Technology and competitive advantage. Sometimes it’s like one of those shell games. Does technology make our work better? Does it make it easier.
I have a theory. A lot of technology we work with (as in personal computers, etc.) gives us competitive advantage over a short term, until expectations catch up.
For example, hard as this will be to believe today, in the late 1970s and early 1980s working with word processing was an easy way to get competitive advantage. Some of the very big companies had it, and it was available in the university basements, but clients and professors didn’t take it for granted. So knowledge of, and access to, word processing was a huge competitive advantage. I was early on that curve, and it helped me a lot.
Soon that competitive advantage disappeared. The world got it. You can cut and paste, and move paragraphs. Fine. So write more. Write better. Has productivity increased?
And spreadsheets? Does anybody here remember financial modeling languages, such as Empire? Before spreadsheets boomed in the early-to-middle 1980s, I personally gained a lot of consulting mileage on pouring financial analyses out of a DEC TOPS-20 computer running the Empire financial modeling. The rest of the world assumed a whole lot of work was necessary to produce a whole lot of outcome, even when varying just a few of the input factors. It was easy to produce quantity output without much effort. And people were impressed. I had a real early adopter advantage.
But soon after that people in business recognized the power and utility of VisiCalc, SuperCalc, and then, in 1983, Lotus 1-2-3. Then came Microsoft Excel in 1984 (amazing fact: Excel was not always the market leader in spreadsheets; it was originally the upstart, dwarfed by Lotus 1-2-3).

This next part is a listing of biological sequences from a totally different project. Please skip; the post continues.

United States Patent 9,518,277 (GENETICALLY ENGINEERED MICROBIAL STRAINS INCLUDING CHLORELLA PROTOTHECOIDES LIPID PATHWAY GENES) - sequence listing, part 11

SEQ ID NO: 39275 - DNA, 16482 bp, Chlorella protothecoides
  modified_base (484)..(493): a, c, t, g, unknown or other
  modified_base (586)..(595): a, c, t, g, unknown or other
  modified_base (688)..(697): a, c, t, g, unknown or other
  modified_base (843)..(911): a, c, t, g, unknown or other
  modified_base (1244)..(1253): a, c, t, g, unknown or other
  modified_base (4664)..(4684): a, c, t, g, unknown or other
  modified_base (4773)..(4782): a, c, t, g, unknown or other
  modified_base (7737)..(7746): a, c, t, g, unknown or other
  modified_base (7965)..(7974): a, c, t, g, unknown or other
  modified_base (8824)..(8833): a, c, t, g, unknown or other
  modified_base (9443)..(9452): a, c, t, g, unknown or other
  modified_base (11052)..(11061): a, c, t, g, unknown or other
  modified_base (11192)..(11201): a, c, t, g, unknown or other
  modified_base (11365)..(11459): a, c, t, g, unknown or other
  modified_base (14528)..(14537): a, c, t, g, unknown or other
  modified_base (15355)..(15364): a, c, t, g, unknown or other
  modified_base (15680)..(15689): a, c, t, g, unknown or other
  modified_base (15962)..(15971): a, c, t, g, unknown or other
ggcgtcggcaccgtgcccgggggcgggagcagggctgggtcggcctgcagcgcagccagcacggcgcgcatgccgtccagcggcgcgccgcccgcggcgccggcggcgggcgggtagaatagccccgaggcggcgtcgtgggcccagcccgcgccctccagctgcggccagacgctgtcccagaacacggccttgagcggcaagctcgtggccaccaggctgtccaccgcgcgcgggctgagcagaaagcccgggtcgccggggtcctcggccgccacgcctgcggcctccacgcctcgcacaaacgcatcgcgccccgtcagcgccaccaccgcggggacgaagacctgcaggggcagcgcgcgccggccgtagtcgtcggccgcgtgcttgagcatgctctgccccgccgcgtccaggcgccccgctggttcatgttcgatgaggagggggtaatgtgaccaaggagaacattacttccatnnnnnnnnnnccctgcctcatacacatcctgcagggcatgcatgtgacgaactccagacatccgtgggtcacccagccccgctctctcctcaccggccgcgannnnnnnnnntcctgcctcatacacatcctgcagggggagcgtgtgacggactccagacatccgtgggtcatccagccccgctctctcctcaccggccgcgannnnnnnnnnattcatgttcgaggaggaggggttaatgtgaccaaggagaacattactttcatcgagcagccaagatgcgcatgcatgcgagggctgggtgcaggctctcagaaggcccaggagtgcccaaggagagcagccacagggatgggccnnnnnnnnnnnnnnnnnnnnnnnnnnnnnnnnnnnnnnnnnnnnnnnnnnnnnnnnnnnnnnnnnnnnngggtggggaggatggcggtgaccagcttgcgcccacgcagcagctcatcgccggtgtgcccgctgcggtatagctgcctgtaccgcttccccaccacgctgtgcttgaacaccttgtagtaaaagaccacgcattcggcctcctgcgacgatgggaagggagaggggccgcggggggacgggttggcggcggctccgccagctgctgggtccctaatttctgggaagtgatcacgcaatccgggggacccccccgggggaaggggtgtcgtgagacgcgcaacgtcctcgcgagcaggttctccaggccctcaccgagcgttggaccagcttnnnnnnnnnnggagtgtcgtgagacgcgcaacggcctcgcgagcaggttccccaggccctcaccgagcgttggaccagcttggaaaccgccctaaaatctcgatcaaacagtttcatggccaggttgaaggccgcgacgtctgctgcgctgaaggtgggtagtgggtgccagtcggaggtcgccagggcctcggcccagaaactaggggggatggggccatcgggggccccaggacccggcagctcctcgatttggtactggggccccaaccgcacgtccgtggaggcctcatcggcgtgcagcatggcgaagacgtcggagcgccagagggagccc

So that competitive advantage disappeared. In a few years everybody in business assumed spreadsheets. Where the spreadsheet was a competitive advantage early on, it became an expectation. Now we want budgets. Lots of budgets.
In 1975, most of the business world did budgets on yellow pads with calculators. By 1985, we were all working with spreadsheets. Has productivity increased?
I was also an early adopter of desktop publishing. I had one of the first Macs. In 1985 McGraw-Hill took one of my early books straight to press from LaserWriter output, which we thought at the time was a first. I used desktop publishing for consulting reports, early documentation of software, marketing literature; and it, too, was clear competitive advantage.
But that too got old. It became second nature. Everybody took it for granted, so the bar went up, expectations were raised, and soon we all expected documents to look better. Has productivity increased?
And yes, slides. During my brief stint at McKinsey Management Consulting, in 1981, there was a whole department full of artists who did nothing but create the slides to go along with the consulting. The early Persuasion software on the Mac was a huge competitive advantage for me when it came out, about 1986, when I was on my own in consulting. Is PowerPoint (or Keynote) a competitive advantage anymore?